This evening, millions will tune in to a world-famous spectacle involving carefully choreographed moves, intense competition and fanatical spectators. Viewers will largely put aside their complaints that it has lost its authenticity and become beholden to deep-pocket sponsors.
No, it's not the Super Bowl.
It's Carnaval season, a time of bacchanalian bashes and a fierce determination by the city's many samba clubs to shine in the trademark parades that begin this evening at Rio's Sambodromo, the Carnaval stadium.
Purists object that "Carnaval Inc." has devolved into an advertisement for interests as diverse as airlines, unions and milk producers -- along with organized-crime gangs. Samba clubs, or schools, seek out cash-cow sponsors to finance pageants that can cost several million dollars and months of work to assemble.
"The space for poetry, for fun, for social and political criticism, or even for pure historical themes . . . has become minimal," wrote Aloy Jupiara, a journalist and Carnaval specialist. "Now most themes must have an appeal to the market."
Foreign governments have even gotten into the act. Two years ago, Venezuela's state petroleum monopoly, with the blessing of President Hugo Chavez, chipped in more than $500,000 to the Vila Isabel school, which won the competition.
Outsiders may imagine raucous partyers sashaying down the streets as merry bystanders dance and sip capirinhas, the refreshing national cocktail. Such free celebrations, known as blocos, do proliferate during Carnaval season, and are enjoying a resurgence.
But blocos are not part of the headliner, big-money spectacle kicking off tonight at the sold-out Sambodromo.
Choice tickets can cost $500 or more. Scalpers ply their trade outside the gates. The prices have largely shut out working-class spectators. Celebrities, tourists, politicians and the beautiful people have supplanted them.
Like Super Bowl fans in the U.S., most Brazilians will watch from living rooms and bars, as thousands ofscantily clad dancers, raucous musicians and gargantuan floats roll ostentatiously down the concrete runway.
"The Sambodromo is too commercial," said Renata Cunha, who, along with her daughter, Bruna, 3, was out for one of the pre-Carnaval block parties in the Jardim Botanico neighborhood. "They're all competing for points, after all."
The 12 top schools that will perform in all-night marathons today and Monday are judged on categories such as costumes, choreography, floats, music and story lines. The big payoffs are future sponsorships and a piece of TV rights, ticket sales, official subsidies and other revenue streams.
The corporate and government money stands alongside another funding source: gambling receipts. It has long been an open secret that kingpins of the city's underground numbers racket, jogo do bicho (the animal game), have underwritten samba schools.
Concern has been mounting about the influence of the narcos who battle police in the hillside favelas that are home to many samba clubs.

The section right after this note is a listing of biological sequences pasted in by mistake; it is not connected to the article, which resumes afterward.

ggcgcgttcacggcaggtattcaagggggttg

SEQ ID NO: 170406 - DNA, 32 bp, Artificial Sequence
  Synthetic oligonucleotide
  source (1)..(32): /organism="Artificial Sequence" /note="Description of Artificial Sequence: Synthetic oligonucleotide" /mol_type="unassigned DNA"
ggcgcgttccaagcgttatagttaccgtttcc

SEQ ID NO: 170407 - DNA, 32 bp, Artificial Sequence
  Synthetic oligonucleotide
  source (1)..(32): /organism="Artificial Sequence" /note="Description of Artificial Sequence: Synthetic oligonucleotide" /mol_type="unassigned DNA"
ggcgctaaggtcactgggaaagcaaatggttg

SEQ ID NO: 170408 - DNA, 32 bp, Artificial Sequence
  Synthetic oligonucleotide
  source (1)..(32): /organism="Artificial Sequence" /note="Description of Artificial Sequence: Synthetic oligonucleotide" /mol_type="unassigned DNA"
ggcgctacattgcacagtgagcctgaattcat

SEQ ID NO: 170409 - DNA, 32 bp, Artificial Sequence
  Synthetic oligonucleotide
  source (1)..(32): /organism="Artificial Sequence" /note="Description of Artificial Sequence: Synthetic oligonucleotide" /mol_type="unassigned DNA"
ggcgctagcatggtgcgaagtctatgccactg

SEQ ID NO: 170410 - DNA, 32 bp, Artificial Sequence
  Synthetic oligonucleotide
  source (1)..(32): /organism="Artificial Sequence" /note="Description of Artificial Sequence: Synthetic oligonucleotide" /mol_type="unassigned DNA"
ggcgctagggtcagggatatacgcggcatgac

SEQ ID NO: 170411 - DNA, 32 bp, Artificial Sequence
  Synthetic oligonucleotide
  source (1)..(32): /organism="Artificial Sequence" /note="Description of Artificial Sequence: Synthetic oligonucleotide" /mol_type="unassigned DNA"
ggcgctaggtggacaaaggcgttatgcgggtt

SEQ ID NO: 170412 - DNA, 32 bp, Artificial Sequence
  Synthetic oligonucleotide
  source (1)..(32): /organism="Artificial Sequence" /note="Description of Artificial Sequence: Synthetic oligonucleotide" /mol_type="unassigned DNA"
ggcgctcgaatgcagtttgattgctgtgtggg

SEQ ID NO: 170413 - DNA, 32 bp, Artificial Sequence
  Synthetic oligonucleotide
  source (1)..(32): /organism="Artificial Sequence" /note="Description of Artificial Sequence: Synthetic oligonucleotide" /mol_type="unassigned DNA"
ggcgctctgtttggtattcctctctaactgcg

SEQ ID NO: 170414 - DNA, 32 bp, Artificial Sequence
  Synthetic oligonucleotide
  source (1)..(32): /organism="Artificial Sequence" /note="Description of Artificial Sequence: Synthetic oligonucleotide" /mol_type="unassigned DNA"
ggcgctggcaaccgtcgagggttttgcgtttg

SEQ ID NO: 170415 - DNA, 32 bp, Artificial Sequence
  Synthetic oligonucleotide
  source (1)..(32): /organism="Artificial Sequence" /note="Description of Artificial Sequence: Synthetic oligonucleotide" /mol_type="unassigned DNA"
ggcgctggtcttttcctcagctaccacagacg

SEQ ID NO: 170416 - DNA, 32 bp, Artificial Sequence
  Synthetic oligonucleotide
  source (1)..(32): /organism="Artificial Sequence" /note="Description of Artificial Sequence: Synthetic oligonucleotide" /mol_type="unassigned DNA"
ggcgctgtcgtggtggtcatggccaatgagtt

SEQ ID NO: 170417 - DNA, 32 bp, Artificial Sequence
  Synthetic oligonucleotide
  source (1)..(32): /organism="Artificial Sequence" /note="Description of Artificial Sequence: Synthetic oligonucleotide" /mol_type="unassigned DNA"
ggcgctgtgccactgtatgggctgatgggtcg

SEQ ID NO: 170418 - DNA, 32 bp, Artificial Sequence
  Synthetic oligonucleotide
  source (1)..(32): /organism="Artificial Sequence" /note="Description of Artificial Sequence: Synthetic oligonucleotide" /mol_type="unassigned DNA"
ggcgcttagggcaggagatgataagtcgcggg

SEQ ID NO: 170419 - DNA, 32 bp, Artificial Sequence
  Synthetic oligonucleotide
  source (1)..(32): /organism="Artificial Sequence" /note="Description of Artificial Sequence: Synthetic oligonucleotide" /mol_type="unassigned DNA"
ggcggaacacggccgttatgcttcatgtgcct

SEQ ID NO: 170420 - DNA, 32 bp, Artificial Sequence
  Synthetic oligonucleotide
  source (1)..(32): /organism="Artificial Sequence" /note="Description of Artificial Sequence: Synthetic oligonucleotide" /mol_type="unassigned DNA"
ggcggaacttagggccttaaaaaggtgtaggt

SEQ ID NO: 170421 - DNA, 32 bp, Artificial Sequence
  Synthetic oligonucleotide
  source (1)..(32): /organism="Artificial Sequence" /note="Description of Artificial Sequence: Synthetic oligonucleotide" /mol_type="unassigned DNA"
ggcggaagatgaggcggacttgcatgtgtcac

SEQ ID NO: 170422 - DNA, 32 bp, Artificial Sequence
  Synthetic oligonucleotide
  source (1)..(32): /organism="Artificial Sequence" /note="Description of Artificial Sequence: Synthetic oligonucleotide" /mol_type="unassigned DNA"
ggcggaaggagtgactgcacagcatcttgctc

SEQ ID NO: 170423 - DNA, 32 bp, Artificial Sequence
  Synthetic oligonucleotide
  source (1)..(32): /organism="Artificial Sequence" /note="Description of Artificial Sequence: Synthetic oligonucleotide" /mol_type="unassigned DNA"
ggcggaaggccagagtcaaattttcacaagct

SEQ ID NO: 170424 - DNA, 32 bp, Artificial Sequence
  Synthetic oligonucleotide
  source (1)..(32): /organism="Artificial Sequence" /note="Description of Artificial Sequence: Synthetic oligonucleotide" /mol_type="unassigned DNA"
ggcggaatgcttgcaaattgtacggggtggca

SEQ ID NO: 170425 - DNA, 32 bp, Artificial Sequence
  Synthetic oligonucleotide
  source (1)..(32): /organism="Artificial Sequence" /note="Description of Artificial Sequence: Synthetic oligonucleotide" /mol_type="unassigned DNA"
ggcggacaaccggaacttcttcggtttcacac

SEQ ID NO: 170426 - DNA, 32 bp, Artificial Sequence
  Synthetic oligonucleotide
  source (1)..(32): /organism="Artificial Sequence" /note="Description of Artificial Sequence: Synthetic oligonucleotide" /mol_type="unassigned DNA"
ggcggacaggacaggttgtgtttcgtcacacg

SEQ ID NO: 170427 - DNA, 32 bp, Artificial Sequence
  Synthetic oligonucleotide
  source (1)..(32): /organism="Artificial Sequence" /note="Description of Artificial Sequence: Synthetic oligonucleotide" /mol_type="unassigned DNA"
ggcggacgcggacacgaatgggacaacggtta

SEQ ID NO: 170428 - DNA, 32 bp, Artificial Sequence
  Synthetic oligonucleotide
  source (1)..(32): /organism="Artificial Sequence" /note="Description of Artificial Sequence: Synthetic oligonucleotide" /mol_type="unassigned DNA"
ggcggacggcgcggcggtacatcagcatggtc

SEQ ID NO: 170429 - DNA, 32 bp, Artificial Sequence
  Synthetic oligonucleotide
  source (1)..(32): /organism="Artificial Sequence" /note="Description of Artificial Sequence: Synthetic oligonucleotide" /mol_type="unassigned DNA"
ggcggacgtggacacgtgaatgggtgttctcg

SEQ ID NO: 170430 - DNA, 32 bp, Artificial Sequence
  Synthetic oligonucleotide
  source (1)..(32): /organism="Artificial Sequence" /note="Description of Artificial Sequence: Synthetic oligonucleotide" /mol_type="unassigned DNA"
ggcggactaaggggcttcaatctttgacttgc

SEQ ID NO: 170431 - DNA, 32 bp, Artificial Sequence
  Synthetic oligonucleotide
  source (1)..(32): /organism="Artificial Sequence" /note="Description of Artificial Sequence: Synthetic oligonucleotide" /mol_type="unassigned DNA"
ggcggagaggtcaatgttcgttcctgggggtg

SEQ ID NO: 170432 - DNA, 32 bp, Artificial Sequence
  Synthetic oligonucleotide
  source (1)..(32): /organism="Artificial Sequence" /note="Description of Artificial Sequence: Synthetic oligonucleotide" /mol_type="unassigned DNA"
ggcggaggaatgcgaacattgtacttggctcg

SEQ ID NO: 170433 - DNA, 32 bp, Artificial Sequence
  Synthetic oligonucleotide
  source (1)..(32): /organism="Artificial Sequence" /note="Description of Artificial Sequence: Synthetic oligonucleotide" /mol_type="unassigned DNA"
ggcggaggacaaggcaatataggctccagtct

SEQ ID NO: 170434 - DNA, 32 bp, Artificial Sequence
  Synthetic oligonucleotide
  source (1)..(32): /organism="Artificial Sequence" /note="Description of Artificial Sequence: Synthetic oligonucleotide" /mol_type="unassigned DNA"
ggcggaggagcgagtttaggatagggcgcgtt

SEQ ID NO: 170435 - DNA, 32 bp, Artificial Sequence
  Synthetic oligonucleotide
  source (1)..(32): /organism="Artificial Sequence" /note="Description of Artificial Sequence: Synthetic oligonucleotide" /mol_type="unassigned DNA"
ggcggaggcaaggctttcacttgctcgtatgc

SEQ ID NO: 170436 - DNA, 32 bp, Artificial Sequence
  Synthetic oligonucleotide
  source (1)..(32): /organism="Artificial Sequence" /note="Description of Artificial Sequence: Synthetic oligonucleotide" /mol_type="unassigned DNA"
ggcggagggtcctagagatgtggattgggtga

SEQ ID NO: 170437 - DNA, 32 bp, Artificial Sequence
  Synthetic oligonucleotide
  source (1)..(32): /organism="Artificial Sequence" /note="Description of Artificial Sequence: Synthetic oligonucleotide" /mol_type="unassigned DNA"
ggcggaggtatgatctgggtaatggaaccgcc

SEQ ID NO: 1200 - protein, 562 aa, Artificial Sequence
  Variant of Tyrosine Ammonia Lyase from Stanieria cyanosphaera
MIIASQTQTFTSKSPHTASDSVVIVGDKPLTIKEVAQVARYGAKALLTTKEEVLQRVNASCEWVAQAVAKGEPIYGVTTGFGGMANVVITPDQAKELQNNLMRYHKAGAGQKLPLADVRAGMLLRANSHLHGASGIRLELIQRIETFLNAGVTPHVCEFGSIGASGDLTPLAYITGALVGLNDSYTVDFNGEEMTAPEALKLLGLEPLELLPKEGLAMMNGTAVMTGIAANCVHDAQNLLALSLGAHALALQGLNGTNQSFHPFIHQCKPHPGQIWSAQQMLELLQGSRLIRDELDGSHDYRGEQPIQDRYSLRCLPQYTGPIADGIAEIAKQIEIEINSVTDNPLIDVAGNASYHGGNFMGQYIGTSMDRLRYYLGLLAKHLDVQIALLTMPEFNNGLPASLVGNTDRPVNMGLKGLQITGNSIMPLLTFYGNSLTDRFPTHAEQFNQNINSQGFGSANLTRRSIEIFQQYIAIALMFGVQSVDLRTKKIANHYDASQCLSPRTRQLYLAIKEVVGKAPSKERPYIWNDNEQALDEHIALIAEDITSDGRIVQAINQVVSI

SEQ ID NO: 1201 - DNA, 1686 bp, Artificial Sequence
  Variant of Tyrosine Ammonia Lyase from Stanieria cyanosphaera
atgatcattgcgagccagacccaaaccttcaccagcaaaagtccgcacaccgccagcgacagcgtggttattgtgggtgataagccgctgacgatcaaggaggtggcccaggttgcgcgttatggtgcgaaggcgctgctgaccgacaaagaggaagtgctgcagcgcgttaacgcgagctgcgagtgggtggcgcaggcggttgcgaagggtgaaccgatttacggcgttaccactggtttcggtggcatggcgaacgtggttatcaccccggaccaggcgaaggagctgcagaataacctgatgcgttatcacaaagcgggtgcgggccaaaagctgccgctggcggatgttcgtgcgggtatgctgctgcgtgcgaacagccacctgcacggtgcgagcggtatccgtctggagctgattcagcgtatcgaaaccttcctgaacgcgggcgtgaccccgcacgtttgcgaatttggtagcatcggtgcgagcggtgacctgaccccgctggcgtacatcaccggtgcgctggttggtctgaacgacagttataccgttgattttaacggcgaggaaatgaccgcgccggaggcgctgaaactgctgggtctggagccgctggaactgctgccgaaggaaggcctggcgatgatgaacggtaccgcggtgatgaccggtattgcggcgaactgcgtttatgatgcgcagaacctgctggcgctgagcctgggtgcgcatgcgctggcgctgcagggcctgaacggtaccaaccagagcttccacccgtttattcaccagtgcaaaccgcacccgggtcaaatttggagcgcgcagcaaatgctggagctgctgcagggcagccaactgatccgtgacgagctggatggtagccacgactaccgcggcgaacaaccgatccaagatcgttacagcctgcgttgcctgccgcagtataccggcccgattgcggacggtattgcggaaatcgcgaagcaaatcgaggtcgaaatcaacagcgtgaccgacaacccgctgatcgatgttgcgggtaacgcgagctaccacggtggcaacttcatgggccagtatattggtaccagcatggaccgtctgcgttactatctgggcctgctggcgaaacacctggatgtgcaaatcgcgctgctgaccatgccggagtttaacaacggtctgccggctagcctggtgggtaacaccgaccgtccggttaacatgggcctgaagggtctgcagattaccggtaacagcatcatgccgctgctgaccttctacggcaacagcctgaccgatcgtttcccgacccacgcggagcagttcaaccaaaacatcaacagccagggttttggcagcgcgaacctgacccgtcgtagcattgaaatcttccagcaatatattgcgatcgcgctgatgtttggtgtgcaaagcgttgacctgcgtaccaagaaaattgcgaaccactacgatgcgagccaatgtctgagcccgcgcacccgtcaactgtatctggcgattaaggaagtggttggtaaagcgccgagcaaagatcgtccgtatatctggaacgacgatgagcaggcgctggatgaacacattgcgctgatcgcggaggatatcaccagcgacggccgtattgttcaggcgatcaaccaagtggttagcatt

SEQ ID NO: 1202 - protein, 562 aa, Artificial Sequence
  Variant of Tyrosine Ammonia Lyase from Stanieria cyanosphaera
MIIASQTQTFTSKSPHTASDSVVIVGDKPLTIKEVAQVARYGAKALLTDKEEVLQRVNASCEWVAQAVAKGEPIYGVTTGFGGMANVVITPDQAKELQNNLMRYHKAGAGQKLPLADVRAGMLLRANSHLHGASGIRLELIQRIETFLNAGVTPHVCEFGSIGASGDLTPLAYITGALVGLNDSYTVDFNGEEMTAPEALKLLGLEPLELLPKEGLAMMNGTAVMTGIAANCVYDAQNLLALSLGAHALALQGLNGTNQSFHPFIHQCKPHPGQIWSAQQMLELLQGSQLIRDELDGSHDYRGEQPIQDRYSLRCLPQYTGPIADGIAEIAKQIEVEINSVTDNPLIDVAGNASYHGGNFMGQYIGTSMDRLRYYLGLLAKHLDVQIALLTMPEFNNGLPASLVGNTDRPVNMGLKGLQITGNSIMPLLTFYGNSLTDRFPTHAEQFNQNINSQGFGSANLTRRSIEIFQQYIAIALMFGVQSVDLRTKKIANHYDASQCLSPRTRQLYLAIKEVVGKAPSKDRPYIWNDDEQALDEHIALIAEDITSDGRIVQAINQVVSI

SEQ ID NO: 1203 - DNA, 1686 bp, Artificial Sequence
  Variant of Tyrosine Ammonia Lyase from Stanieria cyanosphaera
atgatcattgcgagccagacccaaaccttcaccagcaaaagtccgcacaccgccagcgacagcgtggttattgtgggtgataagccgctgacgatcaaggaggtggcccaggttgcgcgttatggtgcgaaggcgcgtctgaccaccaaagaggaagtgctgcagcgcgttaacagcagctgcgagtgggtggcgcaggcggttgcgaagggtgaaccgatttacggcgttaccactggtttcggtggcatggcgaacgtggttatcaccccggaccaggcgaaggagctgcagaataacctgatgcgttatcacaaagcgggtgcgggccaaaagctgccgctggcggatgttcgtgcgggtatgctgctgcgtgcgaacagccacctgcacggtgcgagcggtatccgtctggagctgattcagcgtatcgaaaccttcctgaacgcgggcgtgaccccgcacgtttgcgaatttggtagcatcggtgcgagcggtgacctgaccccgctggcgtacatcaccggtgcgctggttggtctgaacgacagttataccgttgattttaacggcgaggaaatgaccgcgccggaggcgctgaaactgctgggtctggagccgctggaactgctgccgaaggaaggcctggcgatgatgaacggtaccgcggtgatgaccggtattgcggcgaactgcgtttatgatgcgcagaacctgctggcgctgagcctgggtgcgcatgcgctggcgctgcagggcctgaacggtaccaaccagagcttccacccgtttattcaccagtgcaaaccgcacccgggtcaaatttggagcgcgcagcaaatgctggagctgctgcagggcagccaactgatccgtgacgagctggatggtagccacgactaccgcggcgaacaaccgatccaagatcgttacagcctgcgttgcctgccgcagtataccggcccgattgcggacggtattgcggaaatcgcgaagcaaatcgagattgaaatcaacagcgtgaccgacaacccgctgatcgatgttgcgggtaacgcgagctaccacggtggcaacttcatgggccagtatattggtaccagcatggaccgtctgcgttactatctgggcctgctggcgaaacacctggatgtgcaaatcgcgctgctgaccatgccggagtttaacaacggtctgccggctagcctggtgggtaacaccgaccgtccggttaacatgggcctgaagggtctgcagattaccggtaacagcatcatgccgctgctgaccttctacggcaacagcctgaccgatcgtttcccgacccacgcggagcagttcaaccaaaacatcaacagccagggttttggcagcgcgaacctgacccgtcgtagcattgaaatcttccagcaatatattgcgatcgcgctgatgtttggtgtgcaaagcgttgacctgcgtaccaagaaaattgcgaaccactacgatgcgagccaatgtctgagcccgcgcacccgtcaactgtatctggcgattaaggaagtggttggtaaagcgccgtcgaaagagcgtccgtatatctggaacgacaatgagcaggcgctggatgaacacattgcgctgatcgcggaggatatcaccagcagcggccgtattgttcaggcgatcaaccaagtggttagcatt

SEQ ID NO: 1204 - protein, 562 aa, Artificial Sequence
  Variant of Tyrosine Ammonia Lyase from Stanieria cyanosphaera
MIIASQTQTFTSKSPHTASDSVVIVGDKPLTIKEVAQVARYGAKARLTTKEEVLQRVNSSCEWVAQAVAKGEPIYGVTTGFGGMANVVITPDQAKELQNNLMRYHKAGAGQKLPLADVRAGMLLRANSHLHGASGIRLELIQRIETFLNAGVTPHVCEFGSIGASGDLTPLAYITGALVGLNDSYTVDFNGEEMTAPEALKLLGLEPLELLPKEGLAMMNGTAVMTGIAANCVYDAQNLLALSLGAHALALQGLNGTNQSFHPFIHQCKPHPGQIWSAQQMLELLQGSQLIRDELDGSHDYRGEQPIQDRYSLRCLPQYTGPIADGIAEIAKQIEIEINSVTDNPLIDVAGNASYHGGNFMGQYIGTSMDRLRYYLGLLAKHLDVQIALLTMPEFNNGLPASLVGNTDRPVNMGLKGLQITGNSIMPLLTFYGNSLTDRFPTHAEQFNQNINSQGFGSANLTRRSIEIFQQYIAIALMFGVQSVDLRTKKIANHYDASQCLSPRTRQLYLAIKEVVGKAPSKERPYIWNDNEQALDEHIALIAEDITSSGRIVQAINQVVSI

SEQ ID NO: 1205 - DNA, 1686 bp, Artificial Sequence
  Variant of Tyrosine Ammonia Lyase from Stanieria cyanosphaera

Last month, hundreds of police raided the Mangueira favela and discovered a secret passage to its venerable samba school complex. Traffickers keen to hide their presence were said to use the concealed entryway. Police are still seeking Francisco Paulo Testas Monteiro, known as Tuchinha, samba composer and alleged dealer. Tuchinha reportedly threw a barbecue to mark the selection of his tune as the club's theme song in this weekend's Carnaval.
Despite the commercialization and suspect funding, Carnaval remains an electric time.
Each year, unpaid multitudes loyal to samba schools memorize verses and practice dance steps. Participants are young and old, fat and skinny, white and black and every hue in between, along with a smattering of foreign tourists who pay as much as $2,500 to make merry. Many buy their own costumes, known as fantasias.
For one day, they get to strut their stuff on a global stage.
During Carnaval week, the ubiquitous pounding of drums eclipses the usual clamor of urban life. Conformity and routine yield to riotous abandon. For some, life's disappointments get lost in a kind of collective ecstasy.
"I used to come with my family, all costumed as the Flintstones," said Glaucio Gomes, decked out as Fred Flintstone at one of the blocos that swagger through streets from ritzy Copacabana to the favelas. "But now I'm a sad man," he added, seeming far from clinically depressed as he chatted up the girl standing next to him. "My wife left me and the kids don't want to come."
Rio's rough Madureira neighborhood is the home of Imperio Serrano samba school. The fanatically loyal imperianos have put their hopes this year in the indomitable spirit ofCarmen Miranda, a former Rio hat-maker who made it big, though she may be best remembered in Hollywood for her fruit-topped hats.
The club chose the late movie star in a pitch for lost glory: She was also the subject of the samba theme in 1972, when the club last won the Carnival trophy.
In a bow to their muse, costume designers stressed multicolored headgear: oversized fedoras, soaring admiral's hats, Inca-style crowns, broad-brimmed Mexican sombreros, matador caps -- all embroidered with a garish mix of pompoms, glitter, ribbons, stylized fruit, candles and most every other imaginable adornment.
"I did everything I could to make you love me," read the lament from a Miranda song on a clubhouse banner facing legions of sweaty dancers during a pre-Carnaval pep rally.
Rich kids from Ipanema boogied alongside the locals, all donning the club's green and white shirts, emblazoned with Miranda's image.
Some drank $2 bottles of beer and wolfed down plates of sausage with farofa, fried manioc flour.
"With this deep feeling, this great spirit of Carmen Miranda, we must triumph!" the emcee, known as Georgie, roared over the deafening din. "We can't lose! Everyone, to the Carnaval!"
Special correspondent Marcelo Soares contributed to this report.Copyright © 2015, Los Angeles Times